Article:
There seem to be more and more advertisements for heads of estates. They all say they want the successful candidate to be a seasoned all-rounder, with a proven track record of delivering an economic operational estate and balancing the conflicting demands of users. This lucky person will also be able to look beyond operational issues to formulate and implement strategic initiatives to allow profound changes in the delivery of education itself.
Institutions are redefining the duties and responsibilities of heads of estates. But why? One clue is the impact of the proposed Higher Education Funding Council for England estates policy, as set out in a recent consultation paper. This requires the new breed of estates manager to deliver on three challenging fronts: greater operational effectiveness; linked business and estates strategy; and risky capital works projects.
Because educational accommodation is a physical and immediate fact, the estates team is sandwiched between users and financiers. It is here that the day-to-day battles over economic controls are fought. If estates managers are to improve operational effectiveness, they will have to create a "buyer/seller" relationship with staff, students and other facilities users.
This means turning around an organisational culture that supports an overly technical estates team and users who have become accustomed to a no-costs service. They will have to get the finance department to adopt user-oriented pricing models such as equitable space charging. Making this sort of change sustainable is difficult, and demands political and human resource management skills.
Perhaps the most significant challenge is to make sure that the potential savings made by outsourcing services such as catering and maintenance are not swallowed up in management charges, poor contractor performance and general loss of control. Many managers are realising that before they can set up sophisticated outsourcing contracts, they have to install sophisticated professional expertise and special management control systems. Just changing a few job descriptions is not enough.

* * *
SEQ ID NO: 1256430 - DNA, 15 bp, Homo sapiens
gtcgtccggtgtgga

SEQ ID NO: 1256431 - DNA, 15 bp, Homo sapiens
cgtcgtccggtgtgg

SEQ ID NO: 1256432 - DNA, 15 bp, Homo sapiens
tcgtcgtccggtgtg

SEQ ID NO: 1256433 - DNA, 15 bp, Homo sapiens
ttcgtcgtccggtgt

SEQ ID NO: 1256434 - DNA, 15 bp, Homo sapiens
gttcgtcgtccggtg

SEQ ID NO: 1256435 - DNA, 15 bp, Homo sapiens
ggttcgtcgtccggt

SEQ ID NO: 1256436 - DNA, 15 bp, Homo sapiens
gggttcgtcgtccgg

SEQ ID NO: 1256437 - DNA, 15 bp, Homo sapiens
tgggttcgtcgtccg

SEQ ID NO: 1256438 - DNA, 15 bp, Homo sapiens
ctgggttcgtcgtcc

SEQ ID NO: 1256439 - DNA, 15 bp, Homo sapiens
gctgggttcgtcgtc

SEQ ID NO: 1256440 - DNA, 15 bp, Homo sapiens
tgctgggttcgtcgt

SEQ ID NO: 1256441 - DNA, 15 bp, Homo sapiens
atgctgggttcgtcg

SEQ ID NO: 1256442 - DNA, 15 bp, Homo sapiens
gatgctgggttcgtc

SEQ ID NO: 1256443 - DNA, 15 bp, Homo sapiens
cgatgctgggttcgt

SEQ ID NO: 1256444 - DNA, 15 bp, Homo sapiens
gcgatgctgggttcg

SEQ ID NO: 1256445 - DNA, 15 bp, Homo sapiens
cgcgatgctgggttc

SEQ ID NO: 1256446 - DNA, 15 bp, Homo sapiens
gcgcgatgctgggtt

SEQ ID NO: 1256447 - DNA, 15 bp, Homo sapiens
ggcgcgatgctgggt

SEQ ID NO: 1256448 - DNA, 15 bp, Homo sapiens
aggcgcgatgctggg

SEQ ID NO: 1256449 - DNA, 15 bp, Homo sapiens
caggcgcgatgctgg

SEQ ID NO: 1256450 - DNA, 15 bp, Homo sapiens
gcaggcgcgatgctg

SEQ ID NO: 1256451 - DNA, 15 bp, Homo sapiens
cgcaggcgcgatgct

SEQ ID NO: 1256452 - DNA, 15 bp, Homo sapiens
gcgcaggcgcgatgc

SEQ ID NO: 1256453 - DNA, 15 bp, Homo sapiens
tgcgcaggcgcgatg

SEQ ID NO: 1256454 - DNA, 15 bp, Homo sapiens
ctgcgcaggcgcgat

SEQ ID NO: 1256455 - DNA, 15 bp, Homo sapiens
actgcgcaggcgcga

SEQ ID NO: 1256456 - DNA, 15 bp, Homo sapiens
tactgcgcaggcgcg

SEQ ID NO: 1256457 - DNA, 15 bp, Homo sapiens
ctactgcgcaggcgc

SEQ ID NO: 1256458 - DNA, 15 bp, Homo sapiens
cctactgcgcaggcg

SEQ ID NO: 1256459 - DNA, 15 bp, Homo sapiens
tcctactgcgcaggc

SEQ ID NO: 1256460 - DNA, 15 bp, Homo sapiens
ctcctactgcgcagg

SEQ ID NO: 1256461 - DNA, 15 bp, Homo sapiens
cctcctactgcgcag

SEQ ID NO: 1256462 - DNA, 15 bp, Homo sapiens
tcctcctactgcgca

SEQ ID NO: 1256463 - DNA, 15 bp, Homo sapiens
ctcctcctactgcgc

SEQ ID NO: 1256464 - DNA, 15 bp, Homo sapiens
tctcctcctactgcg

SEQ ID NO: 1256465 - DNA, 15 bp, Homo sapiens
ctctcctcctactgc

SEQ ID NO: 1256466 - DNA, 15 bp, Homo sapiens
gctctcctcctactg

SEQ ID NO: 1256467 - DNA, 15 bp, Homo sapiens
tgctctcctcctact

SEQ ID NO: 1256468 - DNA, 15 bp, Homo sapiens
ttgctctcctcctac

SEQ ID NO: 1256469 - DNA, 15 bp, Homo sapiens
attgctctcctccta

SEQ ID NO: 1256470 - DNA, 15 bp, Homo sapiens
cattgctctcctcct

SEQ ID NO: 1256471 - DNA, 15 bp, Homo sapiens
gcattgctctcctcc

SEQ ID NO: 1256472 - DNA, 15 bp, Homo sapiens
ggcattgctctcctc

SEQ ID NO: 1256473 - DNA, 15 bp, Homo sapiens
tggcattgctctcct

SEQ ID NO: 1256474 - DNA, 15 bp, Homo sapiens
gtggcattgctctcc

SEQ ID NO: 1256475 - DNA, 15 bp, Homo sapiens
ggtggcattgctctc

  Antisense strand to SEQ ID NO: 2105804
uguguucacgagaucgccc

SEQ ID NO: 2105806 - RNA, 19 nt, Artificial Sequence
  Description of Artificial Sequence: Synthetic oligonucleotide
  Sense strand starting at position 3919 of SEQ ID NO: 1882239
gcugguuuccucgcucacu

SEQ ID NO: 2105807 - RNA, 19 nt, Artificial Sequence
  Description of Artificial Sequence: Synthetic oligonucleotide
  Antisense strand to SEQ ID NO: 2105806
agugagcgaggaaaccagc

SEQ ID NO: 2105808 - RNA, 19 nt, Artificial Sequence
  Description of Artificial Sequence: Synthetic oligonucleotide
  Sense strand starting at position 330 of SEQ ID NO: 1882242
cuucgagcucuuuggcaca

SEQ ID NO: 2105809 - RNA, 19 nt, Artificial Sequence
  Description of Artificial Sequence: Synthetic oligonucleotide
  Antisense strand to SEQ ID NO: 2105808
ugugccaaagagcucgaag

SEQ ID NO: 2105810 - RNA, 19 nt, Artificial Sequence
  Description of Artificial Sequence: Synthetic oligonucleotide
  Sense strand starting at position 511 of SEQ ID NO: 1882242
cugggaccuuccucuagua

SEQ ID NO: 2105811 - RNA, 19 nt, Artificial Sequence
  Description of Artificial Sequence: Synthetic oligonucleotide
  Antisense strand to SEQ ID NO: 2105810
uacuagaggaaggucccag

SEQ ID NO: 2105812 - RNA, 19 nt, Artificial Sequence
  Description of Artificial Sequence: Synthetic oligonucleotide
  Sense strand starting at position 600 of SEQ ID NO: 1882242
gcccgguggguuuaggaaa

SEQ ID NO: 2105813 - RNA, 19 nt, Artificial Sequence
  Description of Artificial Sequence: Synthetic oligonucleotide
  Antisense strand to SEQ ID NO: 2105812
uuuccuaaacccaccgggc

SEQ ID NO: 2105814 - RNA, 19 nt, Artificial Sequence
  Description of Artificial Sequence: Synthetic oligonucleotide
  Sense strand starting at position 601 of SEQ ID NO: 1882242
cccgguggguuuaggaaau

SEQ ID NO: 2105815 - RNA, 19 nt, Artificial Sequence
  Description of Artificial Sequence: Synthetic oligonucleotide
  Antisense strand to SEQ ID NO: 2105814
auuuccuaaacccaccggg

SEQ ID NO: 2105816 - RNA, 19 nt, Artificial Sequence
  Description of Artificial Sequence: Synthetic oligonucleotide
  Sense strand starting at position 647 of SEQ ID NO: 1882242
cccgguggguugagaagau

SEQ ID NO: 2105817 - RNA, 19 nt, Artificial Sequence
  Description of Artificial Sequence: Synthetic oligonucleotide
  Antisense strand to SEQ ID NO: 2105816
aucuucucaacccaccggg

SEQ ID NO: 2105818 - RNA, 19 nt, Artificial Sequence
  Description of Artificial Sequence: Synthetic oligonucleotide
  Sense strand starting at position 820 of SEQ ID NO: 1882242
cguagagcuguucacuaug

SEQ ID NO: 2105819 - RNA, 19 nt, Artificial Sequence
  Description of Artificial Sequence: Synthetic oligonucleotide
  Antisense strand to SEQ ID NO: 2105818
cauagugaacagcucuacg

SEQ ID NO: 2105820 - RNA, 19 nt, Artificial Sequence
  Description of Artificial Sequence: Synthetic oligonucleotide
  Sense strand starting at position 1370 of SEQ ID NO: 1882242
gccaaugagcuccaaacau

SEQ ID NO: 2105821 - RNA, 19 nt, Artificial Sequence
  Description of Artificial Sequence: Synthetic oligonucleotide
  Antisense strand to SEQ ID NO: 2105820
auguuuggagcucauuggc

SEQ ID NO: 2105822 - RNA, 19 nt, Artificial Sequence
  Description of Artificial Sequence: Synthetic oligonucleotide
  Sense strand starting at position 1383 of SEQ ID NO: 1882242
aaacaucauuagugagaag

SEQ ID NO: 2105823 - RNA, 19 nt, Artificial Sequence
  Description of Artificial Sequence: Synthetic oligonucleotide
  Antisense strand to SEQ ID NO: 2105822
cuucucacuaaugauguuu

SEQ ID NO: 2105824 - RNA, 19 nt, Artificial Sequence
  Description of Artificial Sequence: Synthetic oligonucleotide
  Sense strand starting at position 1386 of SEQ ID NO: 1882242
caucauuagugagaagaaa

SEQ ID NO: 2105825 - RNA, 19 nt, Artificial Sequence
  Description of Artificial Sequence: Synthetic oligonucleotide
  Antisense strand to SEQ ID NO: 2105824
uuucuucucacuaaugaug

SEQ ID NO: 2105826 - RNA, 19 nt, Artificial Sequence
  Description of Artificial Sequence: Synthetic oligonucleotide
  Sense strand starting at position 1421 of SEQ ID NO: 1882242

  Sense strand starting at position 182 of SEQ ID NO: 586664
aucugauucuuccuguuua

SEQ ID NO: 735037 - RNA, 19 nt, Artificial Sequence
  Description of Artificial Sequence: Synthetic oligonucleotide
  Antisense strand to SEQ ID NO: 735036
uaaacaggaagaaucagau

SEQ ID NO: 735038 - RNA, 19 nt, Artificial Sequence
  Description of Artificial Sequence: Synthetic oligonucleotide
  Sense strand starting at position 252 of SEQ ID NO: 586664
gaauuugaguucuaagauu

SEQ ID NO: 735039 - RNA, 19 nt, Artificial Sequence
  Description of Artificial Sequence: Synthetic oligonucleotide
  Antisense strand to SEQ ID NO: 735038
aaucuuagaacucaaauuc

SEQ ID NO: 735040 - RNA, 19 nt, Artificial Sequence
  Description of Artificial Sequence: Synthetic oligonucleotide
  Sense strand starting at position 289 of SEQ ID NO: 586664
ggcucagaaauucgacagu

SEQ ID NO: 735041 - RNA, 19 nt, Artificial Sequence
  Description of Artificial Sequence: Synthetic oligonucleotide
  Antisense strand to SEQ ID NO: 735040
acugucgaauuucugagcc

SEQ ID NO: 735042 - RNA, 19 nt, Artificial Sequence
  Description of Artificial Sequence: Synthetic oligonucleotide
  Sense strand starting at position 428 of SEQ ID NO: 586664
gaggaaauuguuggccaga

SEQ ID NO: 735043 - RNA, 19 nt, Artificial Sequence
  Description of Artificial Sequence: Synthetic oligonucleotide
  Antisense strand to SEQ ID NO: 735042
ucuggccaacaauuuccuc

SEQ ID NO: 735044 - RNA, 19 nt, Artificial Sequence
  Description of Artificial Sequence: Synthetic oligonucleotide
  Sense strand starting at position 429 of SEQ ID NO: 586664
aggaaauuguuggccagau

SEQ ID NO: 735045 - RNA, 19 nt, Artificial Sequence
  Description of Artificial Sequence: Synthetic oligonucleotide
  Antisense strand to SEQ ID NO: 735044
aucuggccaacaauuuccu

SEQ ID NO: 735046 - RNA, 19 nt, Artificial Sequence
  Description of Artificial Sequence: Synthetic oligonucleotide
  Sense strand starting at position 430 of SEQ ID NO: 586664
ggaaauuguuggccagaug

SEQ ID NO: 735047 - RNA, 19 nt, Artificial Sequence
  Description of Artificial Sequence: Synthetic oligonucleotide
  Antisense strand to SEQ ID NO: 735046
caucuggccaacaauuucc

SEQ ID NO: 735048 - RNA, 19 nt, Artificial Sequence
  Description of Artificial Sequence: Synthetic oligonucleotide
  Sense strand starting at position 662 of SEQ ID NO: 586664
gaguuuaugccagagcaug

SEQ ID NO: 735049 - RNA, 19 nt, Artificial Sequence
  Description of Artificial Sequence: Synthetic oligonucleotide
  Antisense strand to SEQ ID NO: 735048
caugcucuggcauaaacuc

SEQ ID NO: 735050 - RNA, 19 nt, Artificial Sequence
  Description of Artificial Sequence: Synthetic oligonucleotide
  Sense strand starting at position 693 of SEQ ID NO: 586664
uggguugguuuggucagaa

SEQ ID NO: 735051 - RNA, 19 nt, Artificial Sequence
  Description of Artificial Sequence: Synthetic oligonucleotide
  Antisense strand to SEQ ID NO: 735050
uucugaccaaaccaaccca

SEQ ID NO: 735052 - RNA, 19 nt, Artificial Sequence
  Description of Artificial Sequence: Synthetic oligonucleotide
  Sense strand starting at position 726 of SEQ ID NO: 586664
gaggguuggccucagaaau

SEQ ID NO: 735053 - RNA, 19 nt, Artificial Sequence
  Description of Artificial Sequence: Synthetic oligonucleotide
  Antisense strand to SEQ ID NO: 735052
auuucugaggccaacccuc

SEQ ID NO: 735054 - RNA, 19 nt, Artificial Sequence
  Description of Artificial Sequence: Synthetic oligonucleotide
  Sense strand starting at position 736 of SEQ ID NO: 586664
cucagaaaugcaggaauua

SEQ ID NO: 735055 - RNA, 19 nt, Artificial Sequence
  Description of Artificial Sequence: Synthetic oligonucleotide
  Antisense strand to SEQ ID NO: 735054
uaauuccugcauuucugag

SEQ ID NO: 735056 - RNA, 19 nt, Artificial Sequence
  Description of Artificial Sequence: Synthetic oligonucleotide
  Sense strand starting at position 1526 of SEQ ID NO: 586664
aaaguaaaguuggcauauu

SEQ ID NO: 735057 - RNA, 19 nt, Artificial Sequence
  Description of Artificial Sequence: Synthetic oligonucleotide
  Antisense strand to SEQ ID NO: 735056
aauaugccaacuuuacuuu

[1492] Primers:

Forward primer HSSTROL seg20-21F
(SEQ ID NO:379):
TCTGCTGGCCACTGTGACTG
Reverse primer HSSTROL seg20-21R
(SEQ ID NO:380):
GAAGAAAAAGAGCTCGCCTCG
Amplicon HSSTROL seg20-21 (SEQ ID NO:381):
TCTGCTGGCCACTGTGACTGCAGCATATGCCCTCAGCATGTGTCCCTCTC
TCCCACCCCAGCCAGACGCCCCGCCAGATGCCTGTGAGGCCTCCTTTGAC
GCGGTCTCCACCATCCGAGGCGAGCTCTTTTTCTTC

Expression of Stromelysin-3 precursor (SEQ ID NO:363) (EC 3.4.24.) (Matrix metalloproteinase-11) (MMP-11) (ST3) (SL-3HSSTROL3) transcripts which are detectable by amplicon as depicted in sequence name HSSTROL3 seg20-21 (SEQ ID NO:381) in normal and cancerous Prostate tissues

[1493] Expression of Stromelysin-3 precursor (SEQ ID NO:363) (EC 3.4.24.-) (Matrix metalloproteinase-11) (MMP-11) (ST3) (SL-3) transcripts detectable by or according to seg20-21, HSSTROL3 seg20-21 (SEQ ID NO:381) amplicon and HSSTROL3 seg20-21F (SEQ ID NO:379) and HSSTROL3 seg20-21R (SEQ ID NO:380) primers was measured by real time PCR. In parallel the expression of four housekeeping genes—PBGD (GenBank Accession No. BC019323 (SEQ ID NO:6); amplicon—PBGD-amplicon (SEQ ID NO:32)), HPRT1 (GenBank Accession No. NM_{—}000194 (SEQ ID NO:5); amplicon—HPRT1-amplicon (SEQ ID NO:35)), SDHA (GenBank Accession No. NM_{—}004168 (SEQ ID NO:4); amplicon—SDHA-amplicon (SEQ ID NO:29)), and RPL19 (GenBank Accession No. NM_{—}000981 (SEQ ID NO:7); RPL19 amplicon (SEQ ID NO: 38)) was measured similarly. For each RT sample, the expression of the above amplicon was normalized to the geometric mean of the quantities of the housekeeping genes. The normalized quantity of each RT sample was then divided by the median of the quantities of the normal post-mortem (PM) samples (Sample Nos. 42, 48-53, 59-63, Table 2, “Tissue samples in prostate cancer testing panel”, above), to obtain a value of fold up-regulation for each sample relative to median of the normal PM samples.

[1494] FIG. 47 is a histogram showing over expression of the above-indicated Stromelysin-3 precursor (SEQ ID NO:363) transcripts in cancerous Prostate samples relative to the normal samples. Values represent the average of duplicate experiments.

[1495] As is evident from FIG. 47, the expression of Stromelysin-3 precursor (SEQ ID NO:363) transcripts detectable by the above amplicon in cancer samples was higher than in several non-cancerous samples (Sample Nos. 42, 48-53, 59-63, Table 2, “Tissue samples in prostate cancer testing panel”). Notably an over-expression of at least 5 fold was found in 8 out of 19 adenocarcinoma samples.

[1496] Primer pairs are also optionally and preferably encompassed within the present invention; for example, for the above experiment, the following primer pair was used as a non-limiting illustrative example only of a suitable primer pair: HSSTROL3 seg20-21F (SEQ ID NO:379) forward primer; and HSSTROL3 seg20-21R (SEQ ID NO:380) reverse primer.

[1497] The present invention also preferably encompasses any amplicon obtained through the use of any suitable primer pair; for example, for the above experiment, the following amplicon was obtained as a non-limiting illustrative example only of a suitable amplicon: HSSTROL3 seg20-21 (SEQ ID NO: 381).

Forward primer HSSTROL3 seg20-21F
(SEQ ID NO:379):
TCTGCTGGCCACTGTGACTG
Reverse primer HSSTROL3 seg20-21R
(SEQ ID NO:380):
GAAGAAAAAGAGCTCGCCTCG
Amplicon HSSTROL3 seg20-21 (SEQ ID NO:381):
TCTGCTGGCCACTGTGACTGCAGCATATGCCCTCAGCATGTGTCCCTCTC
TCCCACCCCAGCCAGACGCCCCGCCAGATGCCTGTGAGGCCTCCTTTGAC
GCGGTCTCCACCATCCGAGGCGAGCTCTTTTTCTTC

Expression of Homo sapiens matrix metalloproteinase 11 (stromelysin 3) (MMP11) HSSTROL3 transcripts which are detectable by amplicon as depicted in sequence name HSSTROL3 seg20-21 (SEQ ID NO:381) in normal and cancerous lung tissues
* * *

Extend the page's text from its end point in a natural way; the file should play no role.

They also have to integrate the management of facilities. Accommodation strategy documents lifted the lid on educational estates and exposed the gap between business intentions and the actual assets estates held to carry them out. But though such documents are informative, they are of little lasting value unless they are implemented. This is the rub. Changes to real estate practices cut across nearly all operational aspects of an estate's business, and implementing them can be highly complex. To complicate matters further, education policy has changed since most accommodation strategies were formulated.
A major concern for institutions is how to get value for money from estates. The estate manager has to up-date the existing strategy and set up a comprehensive premises strategy. This involves re-evaluating options, seeking opinions and supporters, and agreeing a programme for change that avoids business interruption.
Increasingly the manager also has to go after funding under innovative and, as yet, in the education sectors unproven mechanisms such as the Private Finance Initiative. Our experience with higher education institutions has shown that a more collaborative approach with the private sector is needed. This approach would combine in-house resources and external technical support to address complex strategic and operational requirements.
Developing a new culture that encourages service delivery according to need - bearing in mind users' needs when looking at service provision and basing service specifications on their output - means cuts can be made. It will also improve monitoring and management of service costs. This can be consolidated in an integrated facilities management plan addressing the strategic, organisational and operational issues relating to the management of the estate.
Estates management demands a complex mix of skills in facilities and project management and business administration. This means using external technical support and focusing on the customer, so that services can be bought and managed efficiently and economically, and fit with what users say they want.
Marcus Bowen and Michael Ansa are facilities management consultants at international property advisers Grimley.